In closing it was argued that the applicant deliberately failed to appear at the hearing, as he was frustrating the efforts to have the hearing held, having been granted a postponement previously, and having been given an opportunity to recover. The applicant got a medical certificate just before the hearing date, to delay the proceedings, as he was suspended with full benefits and was receiving his salary, and the longer the matter was delayed he would continue receiving his salary. The employer justifiably decided to proceed with the matter, as the reason the applicant was stressed was because of the charges against him. Case law, referring to the matter of Old Mutual SA Ltd v Gumbi ( 211/2006) 2007 ZASCA 52 SCA, was presented whereby it was argued that it was fair to proceed with the hearing, even after a medical certificate had been submitted. Written notice of the hearing was served on the applicant by means of an email to his Union representative, Mr Tassiem, on 3 May already.

Applicant’s version:

The applicant, Mr Zolisi Mhalangu stated that the initial hearing was scheduled for the 31st March, which was then postponed to the 7th of June 2011, but he did not attend the hearing as he was booked of sick. He did inform the employer, he was not sure of the date, but he was sure it was more than 5 days before the hearing. He was not served with the written notice of the hearing. He would not have been able to attend on the 7th June as he was stressed and could not concentrate. He was not phoned on the day of the hearing and he did not know whether the doctor was contacted.

During cross-questioning he acknowledged that he was aware of the hearing on the 7th June, he became aware when the applicant representative, Mr Jejane phoned him and he told Mr Jejane that he had submitted a medical certificate. Mr Jejane phoned back to indicate that Mr Karriem had confirmed that a medical certificate had been submitted. Regarding the submission by Mr Jejane that he had informed the Union on the 3rd of May already, he stated that the Union had not notified him. He had communicated to his Union that he could not attend the hearing on 7 June, as he had been booked off. The Union had informed him of the implications if he did not attend the hearing, but he could not attend. He stated further that the Union represented him, but they could not make decisions on his behalf. He acknowledged that he had gone to see the psychiatrist so that he could get a medical certificate and sothat he had a valid reason not to attend the hearing. He did not give the medical certificate to the presiding officer, as it was the normal procedure to give it to the employer.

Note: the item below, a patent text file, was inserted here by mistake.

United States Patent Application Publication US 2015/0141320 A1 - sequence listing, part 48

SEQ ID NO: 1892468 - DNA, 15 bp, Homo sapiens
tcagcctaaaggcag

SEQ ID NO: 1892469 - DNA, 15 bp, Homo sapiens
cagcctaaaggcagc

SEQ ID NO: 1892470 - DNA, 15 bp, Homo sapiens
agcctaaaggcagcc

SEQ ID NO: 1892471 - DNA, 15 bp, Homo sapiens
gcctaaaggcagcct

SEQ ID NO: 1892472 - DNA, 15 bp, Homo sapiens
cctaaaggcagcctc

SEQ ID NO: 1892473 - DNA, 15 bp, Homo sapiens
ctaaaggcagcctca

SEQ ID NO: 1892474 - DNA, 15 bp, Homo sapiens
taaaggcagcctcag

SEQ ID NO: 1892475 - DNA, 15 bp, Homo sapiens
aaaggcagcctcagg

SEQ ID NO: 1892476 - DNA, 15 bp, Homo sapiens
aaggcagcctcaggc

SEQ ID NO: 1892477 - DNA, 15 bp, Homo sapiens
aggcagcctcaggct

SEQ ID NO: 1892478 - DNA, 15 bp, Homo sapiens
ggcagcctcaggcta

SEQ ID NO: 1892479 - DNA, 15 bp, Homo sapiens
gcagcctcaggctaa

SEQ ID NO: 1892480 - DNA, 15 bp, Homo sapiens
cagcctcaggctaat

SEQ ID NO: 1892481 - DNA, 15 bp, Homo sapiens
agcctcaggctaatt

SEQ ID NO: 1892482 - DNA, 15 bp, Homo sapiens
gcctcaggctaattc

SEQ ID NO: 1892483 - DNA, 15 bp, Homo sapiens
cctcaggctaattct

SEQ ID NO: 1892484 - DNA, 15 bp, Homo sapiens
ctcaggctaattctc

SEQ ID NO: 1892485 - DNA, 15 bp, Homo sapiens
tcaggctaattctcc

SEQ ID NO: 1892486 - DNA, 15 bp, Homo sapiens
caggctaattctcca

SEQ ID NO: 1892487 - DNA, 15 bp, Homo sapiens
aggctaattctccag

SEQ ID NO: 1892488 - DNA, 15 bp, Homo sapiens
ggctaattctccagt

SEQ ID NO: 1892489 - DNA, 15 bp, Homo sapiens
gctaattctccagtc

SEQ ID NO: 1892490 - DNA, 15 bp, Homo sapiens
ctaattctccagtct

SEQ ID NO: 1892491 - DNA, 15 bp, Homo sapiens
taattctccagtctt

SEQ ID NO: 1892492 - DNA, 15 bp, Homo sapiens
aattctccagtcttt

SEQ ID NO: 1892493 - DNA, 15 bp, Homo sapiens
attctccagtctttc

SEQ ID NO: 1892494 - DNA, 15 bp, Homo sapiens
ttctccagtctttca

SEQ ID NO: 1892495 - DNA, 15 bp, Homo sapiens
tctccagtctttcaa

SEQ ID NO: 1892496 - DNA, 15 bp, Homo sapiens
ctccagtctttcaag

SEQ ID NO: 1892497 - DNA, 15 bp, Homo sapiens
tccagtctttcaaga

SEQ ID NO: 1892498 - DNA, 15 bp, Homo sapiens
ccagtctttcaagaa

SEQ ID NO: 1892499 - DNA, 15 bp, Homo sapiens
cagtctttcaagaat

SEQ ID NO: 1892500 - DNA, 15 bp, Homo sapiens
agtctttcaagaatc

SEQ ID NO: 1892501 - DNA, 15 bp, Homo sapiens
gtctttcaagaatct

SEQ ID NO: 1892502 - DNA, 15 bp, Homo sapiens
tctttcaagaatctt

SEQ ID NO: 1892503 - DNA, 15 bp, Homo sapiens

In closing it was argued that according to the Educator’s Act schedule 2 item 7.6 it states that if the educator fails to attend the hearing and the presiding officer concludes that the educator does not have a valid reason, the hearing may continue in the absence of the educator, however in this instance there was a valid reason for the applicant’s absence, he had submitted a medical certificate. The presiding officer did not determine at the hearing whether the applicant had a valid reason not to attend. No evidence was submitted or requested to test the validity of the certificate. Furthermore the Educator’s Act also states in schedule 2 item 5.1 that the educator must be given a written notice at least 5 days before the date of the hearing. The educator had not received a written notice of the hearing on 7 June; therefore the applicant could not request a postponement, as there was no notice. Hence the Union was not in the position to apply for a postponement. The dismissal was thus procedurally unfair, and the applicant requested compensation for an unfair dismissal.

The applicant argued that the dismissal was procedurally unfair in that the employer proceeded with the hearing in the applicant’s absence despite the fact that the applicant had submitted a medical certificate. The employer averred that the presiding officer was justified in proceeding. It is common cause that the applicant had not submitted an application for postponement and had not submitted the medical certificate to the presiding officer. I do find that the case of Old Mutual referred to by the employer has relevance. In Old Mutual SA Ltd v Gumbi (211/2006) 2007 ZASCA 52 SCA it is stated at paragraph 19